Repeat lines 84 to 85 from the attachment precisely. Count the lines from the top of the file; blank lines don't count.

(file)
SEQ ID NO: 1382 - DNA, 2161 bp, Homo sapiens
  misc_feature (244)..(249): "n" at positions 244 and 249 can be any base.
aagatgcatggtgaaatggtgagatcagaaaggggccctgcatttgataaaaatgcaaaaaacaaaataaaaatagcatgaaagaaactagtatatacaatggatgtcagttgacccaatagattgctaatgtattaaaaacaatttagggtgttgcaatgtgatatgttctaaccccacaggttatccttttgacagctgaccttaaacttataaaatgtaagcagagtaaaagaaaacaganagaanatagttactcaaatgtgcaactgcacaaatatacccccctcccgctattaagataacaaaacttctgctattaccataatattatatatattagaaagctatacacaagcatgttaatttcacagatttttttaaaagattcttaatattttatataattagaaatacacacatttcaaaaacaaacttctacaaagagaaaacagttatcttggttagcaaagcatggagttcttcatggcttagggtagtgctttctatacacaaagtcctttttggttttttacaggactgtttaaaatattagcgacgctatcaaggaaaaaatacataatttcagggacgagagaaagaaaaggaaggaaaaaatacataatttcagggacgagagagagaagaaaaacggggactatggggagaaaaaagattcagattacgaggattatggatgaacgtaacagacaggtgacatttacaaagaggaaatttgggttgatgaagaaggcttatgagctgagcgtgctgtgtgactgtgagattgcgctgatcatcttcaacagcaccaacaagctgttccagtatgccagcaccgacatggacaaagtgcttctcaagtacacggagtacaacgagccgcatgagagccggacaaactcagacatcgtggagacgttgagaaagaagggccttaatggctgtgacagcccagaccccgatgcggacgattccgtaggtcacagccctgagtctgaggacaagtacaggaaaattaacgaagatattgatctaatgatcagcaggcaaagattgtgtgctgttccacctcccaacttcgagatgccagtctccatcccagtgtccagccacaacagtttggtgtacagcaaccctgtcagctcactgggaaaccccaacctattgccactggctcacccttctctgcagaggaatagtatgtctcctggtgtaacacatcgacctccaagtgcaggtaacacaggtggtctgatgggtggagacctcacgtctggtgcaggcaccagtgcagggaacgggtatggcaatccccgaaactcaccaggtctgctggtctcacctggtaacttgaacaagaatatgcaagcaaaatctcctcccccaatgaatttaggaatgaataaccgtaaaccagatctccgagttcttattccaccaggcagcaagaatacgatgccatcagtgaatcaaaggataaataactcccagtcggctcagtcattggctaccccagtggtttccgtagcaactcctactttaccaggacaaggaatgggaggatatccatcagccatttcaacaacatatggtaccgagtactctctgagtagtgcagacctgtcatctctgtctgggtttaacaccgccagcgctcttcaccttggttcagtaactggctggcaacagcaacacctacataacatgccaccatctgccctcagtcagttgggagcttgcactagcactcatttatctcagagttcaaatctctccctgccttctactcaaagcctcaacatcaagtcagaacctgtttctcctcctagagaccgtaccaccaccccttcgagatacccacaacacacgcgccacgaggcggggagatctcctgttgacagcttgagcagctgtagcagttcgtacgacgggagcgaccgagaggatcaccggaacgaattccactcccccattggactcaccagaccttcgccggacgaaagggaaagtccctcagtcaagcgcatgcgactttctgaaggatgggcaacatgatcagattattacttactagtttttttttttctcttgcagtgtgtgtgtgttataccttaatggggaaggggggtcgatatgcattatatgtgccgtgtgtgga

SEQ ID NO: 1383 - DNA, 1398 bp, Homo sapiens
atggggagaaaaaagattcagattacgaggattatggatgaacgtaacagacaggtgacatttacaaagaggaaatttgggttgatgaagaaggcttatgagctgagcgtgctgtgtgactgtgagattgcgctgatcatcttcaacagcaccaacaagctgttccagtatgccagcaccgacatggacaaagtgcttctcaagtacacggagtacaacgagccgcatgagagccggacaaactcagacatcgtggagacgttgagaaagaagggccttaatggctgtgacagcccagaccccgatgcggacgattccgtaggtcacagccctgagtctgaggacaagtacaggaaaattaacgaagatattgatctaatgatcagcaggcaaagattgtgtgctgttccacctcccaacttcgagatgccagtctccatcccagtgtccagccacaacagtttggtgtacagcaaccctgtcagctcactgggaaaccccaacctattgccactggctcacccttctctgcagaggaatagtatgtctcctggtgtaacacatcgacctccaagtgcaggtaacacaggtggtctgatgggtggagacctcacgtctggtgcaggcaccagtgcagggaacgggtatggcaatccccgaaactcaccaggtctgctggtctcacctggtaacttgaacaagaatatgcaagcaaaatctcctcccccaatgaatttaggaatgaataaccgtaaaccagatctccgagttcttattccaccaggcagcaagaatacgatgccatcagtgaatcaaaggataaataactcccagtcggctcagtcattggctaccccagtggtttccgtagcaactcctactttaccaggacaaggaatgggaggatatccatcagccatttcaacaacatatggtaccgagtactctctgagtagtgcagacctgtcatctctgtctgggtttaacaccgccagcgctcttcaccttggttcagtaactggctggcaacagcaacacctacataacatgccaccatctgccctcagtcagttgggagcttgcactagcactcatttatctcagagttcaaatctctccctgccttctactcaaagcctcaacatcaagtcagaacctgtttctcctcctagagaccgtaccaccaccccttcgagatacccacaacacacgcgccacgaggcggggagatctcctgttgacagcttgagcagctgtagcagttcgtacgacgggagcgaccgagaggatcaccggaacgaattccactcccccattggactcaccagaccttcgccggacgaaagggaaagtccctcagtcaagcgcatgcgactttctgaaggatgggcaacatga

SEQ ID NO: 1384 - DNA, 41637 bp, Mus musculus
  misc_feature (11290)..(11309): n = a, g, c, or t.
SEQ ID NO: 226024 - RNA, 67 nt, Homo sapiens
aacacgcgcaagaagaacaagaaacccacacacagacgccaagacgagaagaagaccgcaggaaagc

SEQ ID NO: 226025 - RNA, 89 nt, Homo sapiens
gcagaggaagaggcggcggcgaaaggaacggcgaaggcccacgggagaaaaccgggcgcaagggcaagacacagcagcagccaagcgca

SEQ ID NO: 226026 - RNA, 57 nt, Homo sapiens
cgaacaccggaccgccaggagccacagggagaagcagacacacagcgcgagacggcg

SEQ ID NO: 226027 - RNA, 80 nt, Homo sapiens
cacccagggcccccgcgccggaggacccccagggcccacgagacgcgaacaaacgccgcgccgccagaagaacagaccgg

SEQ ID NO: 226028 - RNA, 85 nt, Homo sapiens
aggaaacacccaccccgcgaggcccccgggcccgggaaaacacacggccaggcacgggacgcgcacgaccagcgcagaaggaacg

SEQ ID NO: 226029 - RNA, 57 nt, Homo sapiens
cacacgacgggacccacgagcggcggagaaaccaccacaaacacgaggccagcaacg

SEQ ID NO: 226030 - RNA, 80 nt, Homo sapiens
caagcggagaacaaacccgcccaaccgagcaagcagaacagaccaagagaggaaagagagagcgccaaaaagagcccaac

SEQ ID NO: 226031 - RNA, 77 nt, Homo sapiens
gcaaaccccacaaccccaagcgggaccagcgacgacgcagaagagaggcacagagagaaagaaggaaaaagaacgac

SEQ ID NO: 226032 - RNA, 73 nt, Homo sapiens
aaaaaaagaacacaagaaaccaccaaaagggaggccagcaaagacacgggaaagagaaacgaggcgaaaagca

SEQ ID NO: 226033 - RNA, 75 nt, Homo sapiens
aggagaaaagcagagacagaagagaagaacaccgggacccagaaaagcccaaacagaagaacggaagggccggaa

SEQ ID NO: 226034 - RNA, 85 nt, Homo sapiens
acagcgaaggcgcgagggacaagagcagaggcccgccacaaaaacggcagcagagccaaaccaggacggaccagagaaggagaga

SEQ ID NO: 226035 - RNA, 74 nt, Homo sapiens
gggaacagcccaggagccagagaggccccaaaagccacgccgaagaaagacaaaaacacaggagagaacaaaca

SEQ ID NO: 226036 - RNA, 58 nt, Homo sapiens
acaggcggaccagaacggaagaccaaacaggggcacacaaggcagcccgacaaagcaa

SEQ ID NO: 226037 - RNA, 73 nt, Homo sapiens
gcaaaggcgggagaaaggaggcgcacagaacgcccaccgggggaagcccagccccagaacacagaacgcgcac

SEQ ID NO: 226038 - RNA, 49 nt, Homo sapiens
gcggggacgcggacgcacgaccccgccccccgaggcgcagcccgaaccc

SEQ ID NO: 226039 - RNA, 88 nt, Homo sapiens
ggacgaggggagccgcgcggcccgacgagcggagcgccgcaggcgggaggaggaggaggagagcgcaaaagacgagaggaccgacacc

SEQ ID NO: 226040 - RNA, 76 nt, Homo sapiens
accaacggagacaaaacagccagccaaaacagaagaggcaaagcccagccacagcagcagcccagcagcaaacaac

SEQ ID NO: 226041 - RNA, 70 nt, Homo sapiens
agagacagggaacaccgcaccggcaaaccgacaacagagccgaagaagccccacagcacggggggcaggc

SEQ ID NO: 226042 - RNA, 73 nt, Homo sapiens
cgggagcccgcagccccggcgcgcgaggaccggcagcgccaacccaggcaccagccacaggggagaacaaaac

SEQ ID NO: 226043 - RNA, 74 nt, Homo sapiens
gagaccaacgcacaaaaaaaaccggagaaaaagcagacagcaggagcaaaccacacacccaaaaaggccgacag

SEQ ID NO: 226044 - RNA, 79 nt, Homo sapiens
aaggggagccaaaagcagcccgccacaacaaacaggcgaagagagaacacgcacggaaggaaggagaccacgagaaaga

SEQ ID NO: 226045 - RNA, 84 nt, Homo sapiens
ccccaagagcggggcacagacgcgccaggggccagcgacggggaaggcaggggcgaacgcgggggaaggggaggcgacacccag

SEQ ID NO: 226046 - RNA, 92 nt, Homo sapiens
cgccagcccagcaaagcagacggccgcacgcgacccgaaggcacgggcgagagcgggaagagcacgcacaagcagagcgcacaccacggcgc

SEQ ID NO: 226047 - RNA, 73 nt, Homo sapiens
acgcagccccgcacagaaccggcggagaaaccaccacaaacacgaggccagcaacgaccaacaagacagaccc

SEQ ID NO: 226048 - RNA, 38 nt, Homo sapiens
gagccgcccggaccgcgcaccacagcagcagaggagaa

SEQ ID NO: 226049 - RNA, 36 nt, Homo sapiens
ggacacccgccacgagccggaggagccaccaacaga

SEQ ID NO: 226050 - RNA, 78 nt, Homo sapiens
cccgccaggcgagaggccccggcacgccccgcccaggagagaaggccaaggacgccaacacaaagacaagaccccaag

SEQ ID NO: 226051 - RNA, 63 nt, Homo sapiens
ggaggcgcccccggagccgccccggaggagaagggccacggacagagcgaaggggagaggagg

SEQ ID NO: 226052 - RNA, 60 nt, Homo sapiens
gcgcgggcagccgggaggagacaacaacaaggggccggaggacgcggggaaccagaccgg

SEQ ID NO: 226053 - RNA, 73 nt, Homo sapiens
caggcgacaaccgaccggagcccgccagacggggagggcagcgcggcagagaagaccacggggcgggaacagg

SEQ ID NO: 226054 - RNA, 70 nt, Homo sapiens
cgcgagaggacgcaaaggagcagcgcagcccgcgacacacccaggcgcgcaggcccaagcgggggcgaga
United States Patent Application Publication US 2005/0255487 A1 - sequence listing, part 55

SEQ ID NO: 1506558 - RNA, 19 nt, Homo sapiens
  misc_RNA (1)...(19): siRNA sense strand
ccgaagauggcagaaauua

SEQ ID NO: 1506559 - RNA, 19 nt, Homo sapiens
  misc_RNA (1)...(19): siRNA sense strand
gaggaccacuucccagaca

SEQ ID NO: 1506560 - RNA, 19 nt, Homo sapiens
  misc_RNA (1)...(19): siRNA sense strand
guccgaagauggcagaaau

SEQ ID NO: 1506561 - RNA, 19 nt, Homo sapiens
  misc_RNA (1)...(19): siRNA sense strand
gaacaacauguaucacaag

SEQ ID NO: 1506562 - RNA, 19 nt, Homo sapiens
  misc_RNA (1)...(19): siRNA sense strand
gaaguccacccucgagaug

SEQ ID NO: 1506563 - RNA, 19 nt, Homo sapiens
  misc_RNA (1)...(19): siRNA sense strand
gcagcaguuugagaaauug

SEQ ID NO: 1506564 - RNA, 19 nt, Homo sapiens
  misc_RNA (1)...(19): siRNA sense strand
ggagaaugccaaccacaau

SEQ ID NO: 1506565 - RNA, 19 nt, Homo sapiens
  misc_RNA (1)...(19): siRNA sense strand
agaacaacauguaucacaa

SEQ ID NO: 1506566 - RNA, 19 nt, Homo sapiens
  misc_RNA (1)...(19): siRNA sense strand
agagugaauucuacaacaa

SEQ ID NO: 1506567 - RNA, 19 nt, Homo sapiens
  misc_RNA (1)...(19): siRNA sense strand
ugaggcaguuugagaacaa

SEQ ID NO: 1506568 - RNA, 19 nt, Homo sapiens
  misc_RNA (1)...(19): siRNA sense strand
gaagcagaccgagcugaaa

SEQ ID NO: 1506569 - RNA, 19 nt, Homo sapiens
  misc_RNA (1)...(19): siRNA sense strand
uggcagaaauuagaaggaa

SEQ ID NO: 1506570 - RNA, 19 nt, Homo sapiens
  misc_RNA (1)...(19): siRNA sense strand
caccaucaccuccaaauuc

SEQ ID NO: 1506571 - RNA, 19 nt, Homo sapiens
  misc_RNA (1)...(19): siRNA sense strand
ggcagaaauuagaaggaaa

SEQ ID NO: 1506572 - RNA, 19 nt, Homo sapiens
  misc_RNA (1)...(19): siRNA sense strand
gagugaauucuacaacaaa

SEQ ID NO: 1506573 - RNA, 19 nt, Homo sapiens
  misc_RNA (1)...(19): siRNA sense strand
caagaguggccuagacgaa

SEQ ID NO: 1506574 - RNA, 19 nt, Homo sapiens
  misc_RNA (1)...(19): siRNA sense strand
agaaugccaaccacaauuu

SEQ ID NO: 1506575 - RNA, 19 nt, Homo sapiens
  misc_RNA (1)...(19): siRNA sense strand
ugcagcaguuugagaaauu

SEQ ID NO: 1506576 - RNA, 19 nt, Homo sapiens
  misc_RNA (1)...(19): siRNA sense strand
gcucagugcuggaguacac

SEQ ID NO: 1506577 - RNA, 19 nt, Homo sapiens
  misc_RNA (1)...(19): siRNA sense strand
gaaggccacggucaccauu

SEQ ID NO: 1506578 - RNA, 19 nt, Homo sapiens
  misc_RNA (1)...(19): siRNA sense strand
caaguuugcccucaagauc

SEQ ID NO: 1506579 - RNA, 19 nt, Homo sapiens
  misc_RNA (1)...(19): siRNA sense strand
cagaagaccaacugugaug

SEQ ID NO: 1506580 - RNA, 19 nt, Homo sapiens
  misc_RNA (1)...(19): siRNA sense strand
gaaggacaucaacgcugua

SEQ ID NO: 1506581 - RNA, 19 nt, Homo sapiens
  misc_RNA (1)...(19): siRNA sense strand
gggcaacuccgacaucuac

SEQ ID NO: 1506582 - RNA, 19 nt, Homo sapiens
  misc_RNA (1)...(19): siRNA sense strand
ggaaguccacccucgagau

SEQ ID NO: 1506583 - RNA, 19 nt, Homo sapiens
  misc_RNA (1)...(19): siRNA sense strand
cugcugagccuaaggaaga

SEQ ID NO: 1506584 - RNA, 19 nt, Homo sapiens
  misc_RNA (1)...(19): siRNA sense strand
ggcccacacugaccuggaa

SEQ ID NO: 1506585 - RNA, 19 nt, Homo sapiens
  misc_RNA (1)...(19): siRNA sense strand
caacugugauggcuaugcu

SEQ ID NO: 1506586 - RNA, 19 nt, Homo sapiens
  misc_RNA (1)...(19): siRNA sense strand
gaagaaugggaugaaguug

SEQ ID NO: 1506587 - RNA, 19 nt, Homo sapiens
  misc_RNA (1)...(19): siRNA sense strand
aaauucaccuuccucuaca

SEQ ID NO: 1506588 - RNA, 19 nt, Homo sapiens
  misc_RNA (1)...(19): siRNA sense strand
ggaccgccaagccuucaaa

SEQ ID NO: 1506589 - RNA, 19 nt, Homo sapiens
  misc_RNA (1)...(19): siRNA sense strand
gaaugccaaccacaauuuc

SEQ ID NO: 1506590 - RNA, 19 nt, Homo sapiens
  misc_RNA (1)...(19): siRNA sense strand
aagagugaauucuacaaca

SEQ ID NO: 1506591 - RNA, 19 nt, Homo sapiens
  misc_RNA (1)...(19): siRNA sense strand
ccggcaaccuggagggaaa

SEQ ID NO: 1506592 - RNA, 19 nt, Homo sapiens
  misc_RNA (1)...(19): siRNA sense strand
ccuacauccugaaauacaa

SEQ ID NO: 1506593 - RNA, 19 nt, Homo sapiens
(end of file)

  misc_RNA (1)...(19): siRNA sense strand
gaaguccacccucgagaug